8. Leave Something Physical of Yours: Your child may appreciate having a comfort object that reminds him of you – a shirt, a scarf, a pillow – something with your scent or that you use daily.10
  9. Talk About Your Needs: As gentle/natural parents, we often forget to address our own needs, particularly when our children’s needs seem to be conflicting. But one of the things we’d like to teach our children is to be cognizant and respectful of other people’s needs and feelings. If you have obligations that you cannot meet with a child in tow, it is ok to talk to your child about this. Acknowledge that the separation makes your little one uncomfortable, let her know that she will be with a trusted caregiver and that you will be gone for X amount of time, and that you appreciate her understanding of your needs.11
  10. Have Another Adult Drop the Child Off: Sometimes the child will do better at drop-off with one adult or parent than another. Try it different ways and see if you notice an improvement.12
  11. Gradually Increase the Time Away: If you have the luxury of starting to leave your child in small increments of time and gradually increasing the time away, it might help your child adjust to the separation. If your child can tell time (and if it would not be anxiety producing for her), you can also let her know when you will return.13
  12. Have the Caregiver Help You with the Separation: When you do need to separate, it probably won’t do anyone any good to draw it out for a long time. Talk to the caregiver ahead of time and let him/her know what your expectations are. We made sure that our caregiver was comfortable holding Kieran when we left – even if he struggled, that she agreed to hold Kieran for as long as he was upset, and that she would call us if Kieran was upset longer than a certain amount of time. Be very clear what it is that you and your child need from the caregiver. (Again, I’m assuming that you trust your caregiver to be loving and supportive of your child in this time of anxiety and sadness.)14
  13. Honor Yourself: As hard as it is to leave your child crying with another caregiver, if you have to go – either for a work or personal obligation or because you just need some time to yourself to be an effective mama – you need to honor your own needs. As a parent who has made attachment a priority, your child will be able to weather the storm, and if you’ve communicated clearly with him, he will eventually understand.15

How have you gently responded to separation anxiety?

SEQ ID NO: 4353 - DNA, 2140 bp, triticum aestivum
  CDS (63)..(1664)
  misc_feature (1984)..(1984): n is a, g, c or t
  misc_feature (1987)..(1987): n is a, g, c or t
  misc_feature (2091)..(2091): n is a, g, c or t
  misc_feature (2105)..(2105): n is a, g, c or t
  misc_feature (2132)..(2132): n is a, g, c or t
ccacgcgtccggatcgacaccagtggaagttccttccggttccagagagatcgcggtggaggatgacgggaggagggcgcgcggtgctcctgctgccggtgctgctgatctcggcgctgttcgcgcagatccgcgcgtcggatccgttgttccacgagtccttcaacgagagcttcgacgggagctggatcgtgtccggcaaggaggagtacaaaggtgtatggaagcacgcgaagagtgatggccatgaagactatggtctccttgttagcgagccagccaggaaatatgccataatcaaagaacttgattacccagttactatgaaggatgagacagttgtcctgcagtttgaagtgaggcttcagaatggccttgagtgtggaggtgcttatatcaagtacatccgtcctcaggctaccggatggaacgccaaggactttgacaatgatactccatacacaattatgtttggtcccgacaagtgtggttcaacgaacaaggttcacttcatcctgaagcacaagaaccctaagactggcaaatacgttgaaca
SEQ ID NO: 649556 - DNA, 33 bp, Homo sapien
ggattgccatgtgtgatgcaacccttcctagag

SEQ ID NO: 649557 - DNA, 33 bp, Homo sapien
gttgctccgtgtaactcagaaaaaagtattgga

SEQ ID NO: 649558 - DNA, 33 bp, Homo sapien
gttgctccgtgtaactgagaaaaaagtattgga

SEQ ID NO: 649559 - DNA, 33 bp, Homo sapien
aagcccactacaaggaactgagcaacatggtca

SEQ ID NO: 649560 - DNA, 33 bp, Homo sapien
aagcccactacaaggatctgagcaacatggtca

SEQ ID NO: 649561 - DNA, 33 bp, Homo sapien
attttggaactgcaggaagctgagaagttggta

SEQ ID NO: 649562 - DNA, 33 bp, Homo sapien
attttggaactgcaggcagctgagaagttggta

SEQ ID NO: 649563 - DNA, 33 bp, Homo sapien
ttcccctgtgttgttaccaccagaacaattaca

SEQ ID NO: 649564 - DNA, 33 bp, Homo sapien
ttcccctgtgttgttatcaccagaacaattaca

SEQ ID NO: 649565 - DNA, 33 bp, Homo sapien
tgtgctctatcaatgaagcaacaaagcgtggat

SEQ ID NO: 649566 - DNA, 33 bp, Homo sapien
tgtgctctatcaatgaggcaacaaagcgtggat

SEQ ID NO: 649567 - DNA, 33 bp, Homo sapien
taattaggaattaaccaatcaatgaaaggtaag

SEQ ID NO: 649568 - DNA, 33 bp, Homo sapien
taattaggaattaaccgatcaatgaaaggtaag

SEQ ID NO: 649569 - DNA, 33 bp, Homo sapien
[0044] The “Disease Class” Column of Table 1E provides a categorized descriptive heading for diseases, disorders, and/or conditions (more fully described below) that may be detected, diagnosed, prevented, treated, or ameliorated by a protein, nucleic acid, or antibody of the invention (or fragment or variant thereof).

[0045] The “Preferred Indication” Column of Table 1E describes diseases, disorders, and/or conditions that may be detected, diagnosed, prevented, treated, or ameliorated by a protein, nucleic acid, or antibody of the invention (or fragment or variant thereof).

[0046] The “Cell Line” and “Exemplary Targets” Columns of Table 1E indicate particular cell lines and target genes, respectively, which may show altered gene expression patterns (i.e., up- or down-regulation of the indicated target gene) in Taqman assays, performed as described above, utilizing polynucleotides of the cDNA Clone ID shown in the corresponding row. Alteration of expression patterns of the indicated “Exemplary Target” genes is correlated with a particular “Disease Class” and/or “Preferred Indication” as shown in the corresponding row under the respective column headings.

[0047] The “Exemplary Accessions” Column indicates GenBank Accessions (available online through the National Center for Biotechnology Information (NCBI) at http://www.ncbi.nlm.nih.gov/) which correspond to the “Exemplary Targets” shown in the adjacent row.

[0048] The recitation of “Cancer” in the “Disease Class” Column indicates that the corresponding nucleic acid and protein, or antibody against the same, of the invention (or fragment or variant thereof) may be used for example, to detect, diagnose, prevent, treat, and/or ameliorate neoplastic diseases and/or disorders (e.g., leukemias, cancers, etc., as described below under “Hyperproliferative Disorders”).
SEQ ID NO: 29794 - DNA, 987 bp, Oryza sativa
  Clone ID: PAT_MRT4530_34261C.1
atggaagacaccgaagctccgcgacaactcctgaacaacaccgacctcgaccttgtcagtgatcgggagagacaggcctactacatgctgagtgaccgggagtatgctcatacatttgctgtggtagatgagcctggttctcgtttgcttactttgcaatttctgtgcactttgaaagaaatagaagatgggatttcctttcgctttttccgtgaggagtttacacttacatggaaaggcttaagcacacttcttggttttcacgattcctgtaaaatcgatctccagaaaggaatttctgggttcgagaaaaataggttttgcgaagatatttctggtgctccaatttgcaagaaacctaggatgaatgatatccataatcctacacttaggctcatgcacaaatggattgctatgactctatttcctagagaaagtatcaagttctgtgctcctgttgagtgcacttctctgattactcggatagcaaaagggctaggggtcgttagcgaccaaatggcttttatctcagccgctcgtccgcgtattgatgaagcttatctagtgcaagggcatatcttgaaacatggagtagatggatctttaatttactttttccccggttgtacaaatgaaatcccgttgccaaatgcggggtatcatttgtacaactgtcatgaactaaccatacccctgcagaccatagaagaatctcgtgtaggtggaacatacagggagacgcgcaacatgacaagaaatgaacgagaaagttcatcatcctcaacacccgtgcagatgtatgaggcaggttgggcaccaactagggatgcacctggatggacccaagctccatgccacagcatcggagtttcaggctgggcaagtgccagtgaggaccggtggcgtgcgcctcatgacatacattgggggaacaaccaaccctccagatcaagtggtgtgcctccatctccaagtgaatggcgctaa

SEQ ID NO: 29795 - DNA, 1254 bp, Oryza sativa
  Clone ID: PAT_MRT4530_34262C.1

1. Where would I be without the gentle discipline gurus and very level-headed mamas I work with at Natural Parents Network?!
  2. Many thanks to Amy at Peace4Parents.com for these wise words.
  3. Advice from Jenn of Monkey Butt Junction and Mandy of Living Peacefully with Children.
  4. More great advice from Jenn of Monkey Butt Junction.
  5. Thanks to Shannon from Pineapples and Artichokes and Acacia, one of Natural Parents Network‘s fabulous NP Mentors for this suggestion.
  6. For a great example of this, see Clown School Express: Playing Away Fears at Mudpie Mama, and check out the book Playful Parenting by Larry Cohen.
  7. Thank you to Kelly from KellyNaturally.com, Stefanie of very, very fine, and Kat from Loving {Almost} Every Moment for this reminder.
  8. Thank you to Mandy from Living Peacefully with Children and Kat from Loving {Almost} Every Moment for this reminder.
  9. Jennifer of True Confessions of a Real Mommy offered this advice.
  10. From Kristin of Intrepid Murmurings.
  11. Many thanks to the wisdom of Kelly of KellyNaturally.com, Kristin of Intrepid Murmurings, and Acacia of Natural Parents Network.
  12. Thanks to Lani from Boobie Time for this reminder.
  13. Advice from Emily at Embrita Blogging.
  14. Many thanks to Lauren of Hobo Mama and Kristin of Intrepid Murmurings for this wisdom.
  15. Wise words from Shannon of Pineapples and Artichokes, Kelly of KellyNaturally.com, and Kristin of Intrepid Murmurings.

About The Author: Dionna

Code Name: Mama CodeNameMama My NPN Posts

Dionna is co-founder of Natural Parents Network. She blogs about natural parenting and life with a toddler-almost-preschooler at Code Name: Mama. She also co-founded NursingFreedom.org, a site dedicated to normalizing breastfeeding anytime, anywhere.